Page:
The question 'Securing small home automation setup' provides a useful reference for general security tips, but there are also some specific steps you should follow to keep your Raspberry Pi secure.
Steve Robillard's answer to a question on Raspberry Pi Stack Exchange outlines some of the specific issues with using a Pi that you can address, such as changing default passwords, using
iptables, etc. He also helpfully links to the Securing Debian Manual, which, although very large, is incredibly comprehensive, and covers most major concerns.
Since you'll likely be connecting to the Pi through SSH, consider key-based authentication instead of using a password—a SSH certificate is virtually impossible to guess, even by a determined attacker, unlike a potentially weak password. As noted in the linked article, also take a look at Fail2ban, which will IP block any users who show malicious signs (e.g. incorrect password guesses).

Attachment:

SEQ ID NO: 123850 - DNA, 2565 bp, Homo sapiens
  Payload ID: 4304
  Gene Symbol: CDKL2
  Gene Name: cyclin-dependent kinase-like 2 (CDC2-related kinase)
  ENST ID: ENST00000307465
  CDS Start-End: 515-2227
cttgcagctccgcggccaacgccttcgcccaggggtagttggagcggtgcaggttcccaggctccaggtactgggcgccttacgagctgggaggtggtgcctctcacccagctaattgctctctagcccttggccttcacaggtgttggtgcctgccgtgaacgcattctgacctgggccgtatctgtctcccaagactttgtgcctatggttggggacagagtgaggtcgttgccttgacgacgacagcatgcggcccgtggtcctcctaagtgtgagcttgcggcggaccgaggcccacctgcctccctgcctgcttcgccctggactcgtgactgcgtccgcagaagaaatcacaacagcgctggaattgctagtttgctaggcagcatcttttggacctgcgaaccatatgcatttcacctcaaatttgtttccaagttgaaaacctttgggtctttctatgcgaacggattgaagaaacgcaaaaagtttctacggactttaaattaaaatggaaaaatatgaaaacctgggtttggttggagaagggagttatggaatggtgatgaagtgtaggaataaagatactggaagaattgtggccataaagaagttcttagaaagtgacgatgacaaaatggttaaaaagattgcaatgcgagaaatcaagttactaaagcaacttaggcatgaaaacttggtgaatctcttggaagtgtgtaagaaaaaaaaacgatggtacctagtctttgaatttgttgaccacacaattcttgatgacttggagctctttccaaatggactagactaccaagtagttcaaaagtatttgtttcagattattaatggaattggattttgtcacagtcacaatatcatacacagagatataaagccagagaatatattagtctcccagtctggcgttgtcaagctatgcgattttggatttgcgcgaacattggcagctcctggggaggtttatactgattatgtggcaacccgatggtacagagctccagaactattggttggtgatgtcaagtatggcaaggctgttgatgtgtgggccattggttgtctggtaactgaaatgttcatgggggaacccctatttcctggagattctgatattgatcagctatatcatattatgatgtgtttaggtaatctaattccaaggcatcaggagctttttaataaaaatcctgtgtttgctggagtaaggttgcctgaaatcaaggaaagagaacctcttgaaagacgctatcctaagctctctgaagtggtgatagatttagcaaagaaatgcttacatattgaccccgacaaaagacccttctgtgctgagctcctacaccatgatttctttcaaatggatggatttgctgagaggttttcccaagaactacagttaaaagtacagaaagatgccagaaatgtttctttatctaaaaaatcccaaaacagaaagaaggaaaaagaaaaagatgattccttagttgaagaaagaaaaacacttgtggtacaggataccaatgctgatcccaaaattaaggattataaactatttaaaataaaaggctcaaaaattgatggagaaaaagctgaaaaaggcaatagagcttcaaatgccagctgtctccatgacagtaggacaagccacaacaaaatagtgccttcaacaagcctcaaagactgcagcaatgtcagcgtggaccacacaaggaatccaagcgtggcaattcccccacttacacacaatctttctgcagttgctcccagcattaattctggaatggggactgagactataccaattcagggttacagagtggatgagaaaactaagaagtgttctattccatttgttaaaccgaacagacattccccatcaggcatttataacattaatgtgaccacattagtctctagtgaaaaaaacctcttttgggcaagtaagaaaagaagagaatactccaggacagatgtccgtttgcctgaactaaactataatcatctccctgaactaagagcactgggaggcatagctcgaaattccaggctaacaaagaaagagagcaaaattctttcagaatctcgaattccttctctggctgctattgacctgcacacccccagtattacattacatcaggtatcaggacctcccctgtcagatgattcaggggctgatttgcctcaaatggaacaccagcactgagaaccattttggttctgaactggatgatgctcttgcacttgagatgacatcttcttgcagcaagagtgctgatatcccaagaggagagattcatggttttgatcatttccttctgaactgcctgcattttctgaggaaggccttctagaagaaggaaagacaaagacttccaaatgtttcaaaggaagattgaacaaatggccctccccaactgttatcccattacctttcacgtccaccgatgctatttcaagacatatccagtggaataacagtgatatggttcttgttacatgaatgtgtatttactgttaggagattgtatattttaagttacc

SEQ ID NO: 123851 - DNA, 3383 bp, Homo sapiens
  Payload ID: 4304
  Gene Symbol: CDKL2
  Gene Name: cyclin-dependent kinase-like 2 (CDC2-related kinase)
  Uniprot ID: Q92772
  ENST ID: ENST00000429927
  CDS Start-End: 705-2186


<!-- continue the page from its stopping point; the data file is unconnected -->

Regarding your DDoS concerns: if someone decides to launch a DDoS attack against your Pi, you stand very little chance. Some attacks can reach up to 665 Gbps, which would be impossible for your Pi to defend against. But, I would pose this question: why would an attacker want to DDoS your Pi? Denying you service would probably not provide much benefit to an attacker, and a lot of IoT devices are instead being hacked to participate in DDoS attacks.
Nevertheless, if you were very paranoid, you could perhaps whitelist devices that your Pi was expected to connect to, and simply drop any other packets with
iptables. It's up to you to decide if it's worth the trouble.
Regarding DDNS, I find HowToGeek's guide quite clear—essentially, you need to check your router for a DDNS setting, and configure that. NoIP have screenshots for most major router models. You'd probably have better luck asking this separately (and you may already find an answer on Super User).